Filed under: Uncategorized | Tags: bicycle helmet, bicycle safety, bicycling, biking, CPSC, cycling, family biking, helmet, helmet standards, JAMA, Thompson Rivara Thompson, youth helmets
Thompson, Rivara and Thompson M.D.s, “Effectiveness of Bicycle Safety Helmets in Preventing Head Injuries,” JAMA, 1996.
This is probably the most cited of all helmet studies. It appeared at a time when the CPSC was considering the possibility of making new standards for little kids’ helmets. On one side of the discussion, engineers and advocates who thought child and toddler helmets should be made softer to protects kids from the type of head injuries they are most likely to suffer while bicycling. On the other side, helmet company reps who argued that kids didn’t need new standards or softer helmets.
Thompson, Rivara and Thompson’s “Effectiveness of Bicycle Safety Helmets in Preventing Head Injuries” came along just in time to lend the industry some apparent scientific legitimacy to their argument.
The study concludes like this: “Based on our study, changes in helmet certification standards or the design of helmets particularly for younger age groups are less likely to result in major benefit.” The mention of kids’ helmet standards–“particularly for younger age groups…”–comes out of the blue at the end of the paper.
This is quite strange because, earlier in the document, the authors revealed that the study, which included over 3,000 crashed cyclists, included only one helmeted brain-injured subject under 6 years of age. Because of this almost total lack of data, the authors admit that their study cannot estimate any protective effect of helmets for this age group.
Hmm. But in the conclusion, which is the only part of the privately held document that journalists or 99% of the public will ever read, the authors do just that. They claim that helmets give the same protective benefit “to cyclists of all ages…” And then they go out of their way to say that bit about little kids not needing better helmet standards.
I don’t know about you, but I think it’s very interesting that the particular age group that receives the most attention in the conclusion, is the one that received the least attention when collecting data. This seems to be a really smarmy piece of work.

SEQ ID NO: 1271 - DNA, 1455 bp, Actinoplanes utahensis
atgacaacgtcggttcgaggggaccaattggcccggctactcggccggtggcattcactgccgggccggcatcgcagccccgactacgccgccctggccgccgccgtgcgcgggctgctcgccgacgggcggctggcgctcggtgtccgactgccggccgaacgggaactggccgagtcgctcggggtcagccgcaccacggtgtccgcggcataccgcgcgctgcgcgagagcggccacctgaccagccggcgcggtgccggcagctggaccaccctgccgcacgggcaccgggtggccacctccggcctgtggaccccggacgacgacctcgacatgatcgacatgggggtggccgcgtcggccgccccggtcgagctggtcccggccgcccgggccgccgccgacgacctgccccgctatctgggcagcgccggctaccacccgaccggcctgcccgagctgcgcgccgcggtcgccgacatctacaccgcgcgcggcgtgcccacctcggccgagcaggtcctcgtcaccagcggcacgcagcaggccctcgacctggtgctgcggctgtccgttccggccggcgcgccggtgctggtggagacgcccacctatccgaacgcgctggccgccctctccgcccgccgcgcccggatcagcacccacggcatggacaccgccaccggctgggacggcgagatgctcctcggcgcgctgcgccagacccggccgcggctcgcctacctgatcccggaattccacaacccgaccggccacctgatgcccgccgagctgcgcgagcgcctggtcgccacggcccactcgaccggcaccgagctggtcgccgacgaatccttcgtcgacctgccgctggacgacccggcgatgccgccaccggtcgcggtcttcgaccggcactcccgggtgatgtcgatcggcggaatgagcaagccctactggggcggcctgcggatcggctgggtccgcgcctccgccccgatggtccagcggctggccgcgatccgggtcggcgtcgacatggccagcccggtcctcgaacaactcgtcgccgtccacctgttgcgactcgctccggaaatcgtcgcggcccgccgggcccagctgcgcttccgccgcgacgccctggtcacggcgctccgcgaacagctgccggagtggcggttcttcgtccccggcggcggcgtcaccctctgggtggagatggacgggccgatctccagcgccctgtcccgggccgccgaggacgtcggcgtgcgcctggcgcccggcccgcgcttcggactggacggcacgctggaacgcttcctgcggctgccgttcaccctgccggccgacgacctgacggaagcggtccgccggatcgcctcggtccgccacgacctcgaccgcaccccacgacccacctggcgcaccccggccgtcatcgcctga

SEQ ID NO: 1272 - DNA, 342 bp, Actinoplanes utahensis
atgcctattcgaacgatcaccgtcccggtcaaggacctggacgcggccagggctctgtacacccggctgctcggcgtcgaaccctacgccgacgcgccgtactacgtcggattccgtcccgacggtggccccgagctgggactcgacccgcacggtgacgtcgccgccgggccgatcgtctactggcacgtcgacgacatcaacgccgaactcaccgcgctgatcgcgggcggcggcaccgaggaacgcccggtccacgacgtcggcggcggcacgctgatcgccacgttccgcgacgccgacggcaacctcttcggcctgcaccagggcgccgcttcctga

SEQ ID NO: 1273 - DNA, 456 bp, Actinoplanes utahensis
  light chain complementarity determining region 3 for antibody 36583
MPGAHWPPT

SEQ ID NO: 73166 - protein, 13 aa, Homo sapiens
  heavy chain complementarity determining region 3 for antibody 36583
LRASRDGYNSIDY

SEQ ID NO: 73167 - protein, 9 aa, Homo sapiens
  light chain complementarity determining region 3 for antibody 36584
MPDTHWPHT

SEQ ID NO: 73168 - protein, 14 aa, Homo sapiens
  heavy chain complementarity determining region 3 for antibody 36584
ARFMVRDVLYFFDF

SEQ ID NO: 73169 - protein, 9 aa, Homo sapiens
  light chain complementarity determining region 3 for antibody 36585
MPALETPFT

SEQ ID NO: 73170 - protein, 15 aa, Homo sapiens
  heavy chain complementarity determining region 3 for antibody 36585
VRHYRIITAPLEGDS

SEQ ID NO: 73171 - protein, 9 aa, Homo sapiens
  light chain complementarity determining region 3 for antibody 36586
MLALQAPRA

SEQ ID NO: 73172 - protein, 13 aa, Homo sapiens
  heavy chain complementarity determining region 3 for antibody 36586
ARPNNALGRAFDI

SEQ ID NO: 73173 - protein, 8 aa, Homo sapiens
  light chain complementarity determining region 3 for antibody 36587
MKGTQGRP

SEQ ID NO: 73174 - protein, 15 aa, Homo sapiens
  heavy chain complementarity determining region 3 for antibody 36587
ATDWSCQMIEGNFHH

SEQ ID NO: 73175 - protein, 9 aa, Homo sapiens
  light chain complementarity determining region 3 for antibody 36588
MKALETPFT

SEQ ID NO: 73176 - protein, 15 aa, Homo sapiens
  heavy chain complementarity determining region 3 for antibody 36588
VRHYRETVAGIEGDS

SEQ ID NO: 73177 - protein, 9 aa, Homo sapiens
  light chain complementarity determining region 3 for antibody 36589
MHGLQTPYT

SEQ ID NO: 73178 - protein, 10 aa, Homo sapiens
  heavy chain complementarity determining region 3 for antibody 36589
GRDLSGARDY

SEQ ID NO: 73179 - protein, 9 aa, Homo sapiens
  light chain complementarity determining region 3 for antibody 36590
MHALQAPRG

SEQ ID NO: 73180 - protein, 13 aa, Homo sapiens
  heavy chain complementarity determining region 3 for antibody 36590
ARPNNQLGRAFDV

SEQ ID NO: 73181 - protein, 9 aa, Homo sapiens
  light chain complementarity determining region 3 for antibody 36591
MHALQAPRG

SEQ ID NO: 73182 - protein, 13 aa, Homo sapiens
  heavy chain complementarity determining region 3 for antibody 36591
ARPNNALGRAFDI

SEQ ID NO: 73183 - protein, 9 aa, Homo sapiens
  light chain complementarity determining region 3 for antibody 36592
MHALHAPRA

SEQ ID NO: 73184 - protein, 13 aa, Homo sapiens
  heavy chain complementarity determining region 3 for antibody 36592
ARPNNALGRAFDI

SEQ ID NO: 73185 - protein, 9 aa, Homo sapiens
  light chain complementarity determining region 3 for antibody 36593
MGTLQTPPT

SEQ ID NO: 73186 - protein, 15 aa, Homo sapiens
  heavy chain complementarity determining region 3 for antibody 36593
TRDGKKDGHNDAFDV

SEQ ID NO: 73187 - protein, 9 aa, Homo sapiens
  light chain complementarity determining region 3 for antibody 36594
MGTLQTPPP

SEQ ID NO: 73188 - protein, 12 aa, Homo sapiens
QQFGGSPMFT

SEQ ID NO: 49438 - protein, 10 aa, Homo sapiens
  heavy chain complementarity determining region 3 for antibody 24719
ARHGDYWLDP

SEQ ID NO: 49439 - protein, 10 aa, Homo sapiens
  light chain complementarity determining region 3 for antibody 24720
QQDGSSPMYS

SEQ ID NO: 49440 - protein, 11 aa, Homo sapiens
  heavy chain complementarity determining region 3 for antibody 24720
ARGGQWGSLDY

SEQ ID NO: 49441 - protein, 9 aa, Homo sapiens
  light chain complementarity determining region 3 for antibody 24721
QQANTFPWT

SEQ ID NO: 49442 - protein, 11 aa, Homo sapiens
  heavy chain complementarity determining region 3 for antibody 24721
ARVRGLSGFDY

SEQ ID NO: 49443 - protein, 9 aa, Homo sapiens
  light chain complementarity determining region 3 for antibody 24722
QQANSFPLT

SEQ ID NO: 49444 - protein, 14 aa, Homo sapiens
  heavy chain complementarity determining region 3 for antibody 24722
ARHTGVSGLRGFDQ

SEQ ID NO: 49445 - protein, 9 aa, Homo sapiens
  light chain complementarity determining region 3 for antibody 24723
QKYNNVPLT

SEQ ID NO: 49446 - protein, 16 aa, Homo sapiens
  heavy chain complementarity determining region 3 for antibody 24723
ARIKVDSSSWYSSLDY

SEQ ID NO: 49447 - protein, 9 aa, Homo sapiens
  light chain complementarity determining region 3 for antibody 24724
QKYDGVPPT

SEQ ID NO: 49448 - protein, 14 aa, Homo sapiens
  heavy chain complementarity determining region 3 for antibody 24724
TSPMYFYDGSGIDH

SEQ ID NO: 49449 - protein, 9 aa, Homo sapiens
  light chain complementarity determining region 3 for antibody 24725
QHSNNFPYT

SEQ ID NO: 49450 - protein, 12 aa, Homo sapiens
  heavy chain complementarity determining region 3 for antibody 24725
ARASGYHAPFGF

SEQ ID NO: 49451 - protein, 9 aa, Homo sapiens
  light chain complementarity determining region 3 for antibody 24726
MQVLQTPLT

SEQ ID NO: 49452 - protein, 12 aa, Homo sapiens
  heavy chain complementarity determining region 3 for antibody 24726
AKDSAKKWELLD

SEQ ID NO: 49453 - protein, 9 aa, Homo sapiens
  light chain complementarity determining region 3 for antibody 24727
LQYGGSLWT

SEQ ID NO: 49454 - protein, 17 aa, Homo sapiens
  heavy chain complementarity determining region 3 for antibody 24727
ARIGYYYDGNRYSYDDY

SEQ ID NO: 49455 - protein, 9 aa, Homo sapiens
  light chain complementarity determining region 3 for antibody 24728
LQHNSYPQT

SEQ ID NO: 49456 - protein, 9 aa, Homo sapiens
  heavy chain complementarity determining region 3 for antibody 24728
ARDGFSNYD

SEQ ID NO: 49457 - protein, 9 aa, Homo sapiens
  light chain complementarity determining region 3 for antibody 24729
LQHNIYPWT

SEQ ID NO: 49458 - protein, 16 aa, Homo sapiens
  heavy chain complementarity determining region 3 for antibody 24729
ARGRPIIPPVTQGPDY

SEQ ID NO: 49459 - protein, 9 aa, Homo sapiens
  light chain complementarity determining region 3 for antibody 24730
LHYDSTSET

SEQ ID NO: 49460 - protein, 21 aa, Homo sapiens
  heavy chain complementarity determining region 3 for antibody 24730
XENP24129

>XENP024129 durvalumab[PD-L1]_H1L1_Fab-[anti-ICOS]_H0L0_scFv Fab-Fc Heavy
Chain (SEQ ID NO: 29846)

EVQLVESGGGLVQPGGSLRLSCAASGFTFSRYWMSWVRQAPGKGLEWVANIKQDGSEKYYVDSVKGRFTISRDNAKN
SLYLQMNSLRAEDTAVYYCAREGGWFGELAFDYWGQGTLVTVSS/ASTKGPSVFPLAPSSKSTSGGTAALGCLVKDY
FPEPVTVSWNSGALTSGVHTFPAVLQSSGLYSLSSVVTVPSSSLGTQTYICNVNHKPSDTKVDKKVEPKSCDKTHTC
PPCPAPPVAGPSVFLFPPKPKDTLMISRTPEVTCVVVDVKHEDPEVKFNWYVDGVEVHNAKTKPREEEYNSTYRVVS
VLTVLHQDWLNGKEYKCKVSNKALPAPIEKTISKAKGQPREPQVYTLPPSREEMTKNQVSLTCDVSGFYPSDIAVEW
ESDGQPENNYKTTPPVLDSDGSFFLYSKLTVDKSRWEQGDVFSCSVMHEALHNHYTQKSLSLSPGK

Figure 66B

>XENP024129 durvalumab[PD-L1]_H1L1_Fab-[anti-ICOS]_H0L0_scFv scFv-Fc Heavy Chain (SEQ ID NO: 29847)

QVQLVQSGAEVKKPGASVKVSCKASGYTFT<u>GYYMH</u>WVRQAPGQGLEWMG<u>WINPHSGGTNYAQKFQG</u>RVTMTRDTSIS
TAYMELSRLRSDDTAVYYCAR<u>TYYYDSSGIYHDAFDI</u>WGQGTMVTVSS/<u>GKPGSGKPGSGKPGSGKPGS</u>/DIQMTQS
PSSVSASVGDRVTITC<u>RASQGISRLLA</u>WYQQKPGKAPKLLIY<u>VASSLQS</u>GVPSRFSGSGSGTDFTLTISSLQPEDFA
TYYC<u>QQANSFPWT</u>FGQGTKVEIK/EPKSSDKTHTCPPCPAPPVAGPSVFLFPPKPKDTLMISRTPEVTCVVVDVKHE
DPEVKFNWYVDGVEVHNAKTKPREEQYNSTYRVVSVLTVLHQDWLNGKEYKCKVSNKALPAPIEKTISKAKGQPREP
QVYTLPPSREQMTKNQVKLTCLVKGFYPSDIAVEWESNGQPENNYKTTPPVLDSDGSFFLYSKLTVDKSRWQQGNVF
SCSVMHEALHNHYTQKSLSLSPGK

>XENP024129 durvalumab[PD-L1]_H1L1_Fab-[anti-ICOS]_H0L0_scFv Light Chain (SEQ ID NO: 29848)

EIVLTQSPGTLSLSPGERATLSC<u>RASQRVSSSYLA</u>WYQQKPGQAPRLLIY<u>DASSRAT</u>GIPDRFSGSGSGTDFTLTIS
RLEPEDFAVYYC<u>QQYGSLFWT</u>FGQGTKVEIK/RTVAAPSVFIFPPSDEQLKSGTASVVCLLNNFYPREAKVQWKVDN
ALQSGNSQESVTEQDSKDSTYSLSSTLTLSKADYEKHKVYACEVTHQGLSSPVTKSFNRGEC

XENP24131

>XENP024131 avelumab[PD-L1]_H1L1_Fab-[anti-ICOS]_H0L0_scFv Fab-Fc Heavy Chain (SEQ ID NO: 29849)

See industrializedcyclist.com and Family Biking: The Parent’s Guide to Safe Cycling for more on kids’ helmet standards.
Filed under: Uncategorized | Tags: bicycle planning, bike paths, multi-use path, off-street path, Ohio, toledo
Me likey. http://toledo.oh.gov/media/176457/Bike-Plan-2015-200-dpi-4-24-2015.pdf
Filed under: Uncategorized | Tags: domestic oil production, global oil production, peak oil, Ron Patterson
Bottom line, I am more convinced than ever that 2015 will be the year world crude oil peaked.
Filed under: Uncategorized | Tags: China, energy, oil, putin, riyadh, Saudi Arabia
In short, if John Kerry and Riyadh did in fact plan to bankrupt the Russians by tanking crude prices, the effort was a miserable failure that resulted not only in a 20% fiscal deficit for the Saudis, but the destruction of American jobs in the oil patch.
Filed under: Uncategorized
On city streets with lots of driveways, alleys, parking and intersections, most of the look-but-failed-to-see errors that affect bicyclists originate from the right side of the road. That’s not to belittle the danger from the left (particularly from left-turning drivers) or behind, which tends to produce more injurious crashes.
As far as I know the best place to start is still the North Carolina Bicycle Crash Data Tool, but here’s a sampling of other stuff from my online bin of bike safety studies ( industrializedcyclist.com/lies.html ):
Filed under: Uncategorized | Tags: Americans, climate change, driving, energy, energy consumption, gas prices, pollution, transportation, USA, vehicle miles traveled, Vmt
After a few years of sweet reversal of the VMT (Vehicle Miles Traveled) chart, then a few years of bouncing along what looked like a New Normal, things have turned around in a big way. Cheap gas being the primary culprit. Back to our old ways just like that, and making up for lost time.
Filed under: Uncategorized | Tags: babboe, bakfiets, balance bikes, bell, big dummy, bike safety, bike trailers, bionx, bobike, bosch, bullit, burley, cargo bikes, cargo trikes, chariot, christiania, CPSC, family biking, firstbike, gazelle, Giro, helmets, islabikes, kids' bikes, kinderbike, likeabike, madsen, nutcase, onderwater, Safe Routes to School, surly, thule, yepp, yuba
Christie and I both worked on this one. The book includes a comprehensive buyer’s guide for family biking Things like bakfietsen, cargo trikes, longtails, child seats, trailers, balance bikes and kids’ helmets, with in-depth, research-based commentary on safety issues. Is transporting your kid in a child seat as dangerous as people say? Are trailers safe in traffic? When is a child ready to ride by herself?
In answering these questions and dozens of others, we came across some surprising facts. For instance, we learned that approximately half of the kids’ injuries associated with bike seats occur when loading or unloading the child from the seat. We also found out, much to our dismay, that helmet makers have been allowed by federal regulators to make kids’ helmets with the same material that adult helmets are made of, even though kids’ heads are so much lighter—meaning the foam in kids’ helmets almost never compresses to soften the blow when they crash. In our opinion, it’s a scandal and needs to be fixed, by the helmet companies and the CPSC. We hope this book will help make that happen.
I promise this book will be interesting and useful for anyone who rides with their kid(s), or anyone who wants to.
Available now for just 14$ at Amazon: http://www.amazon.com/Family-Biking-Parents-Guide-Cycling/dp/1493009893
To check out the rest of my books see www.industrializedcyclist.com/books.html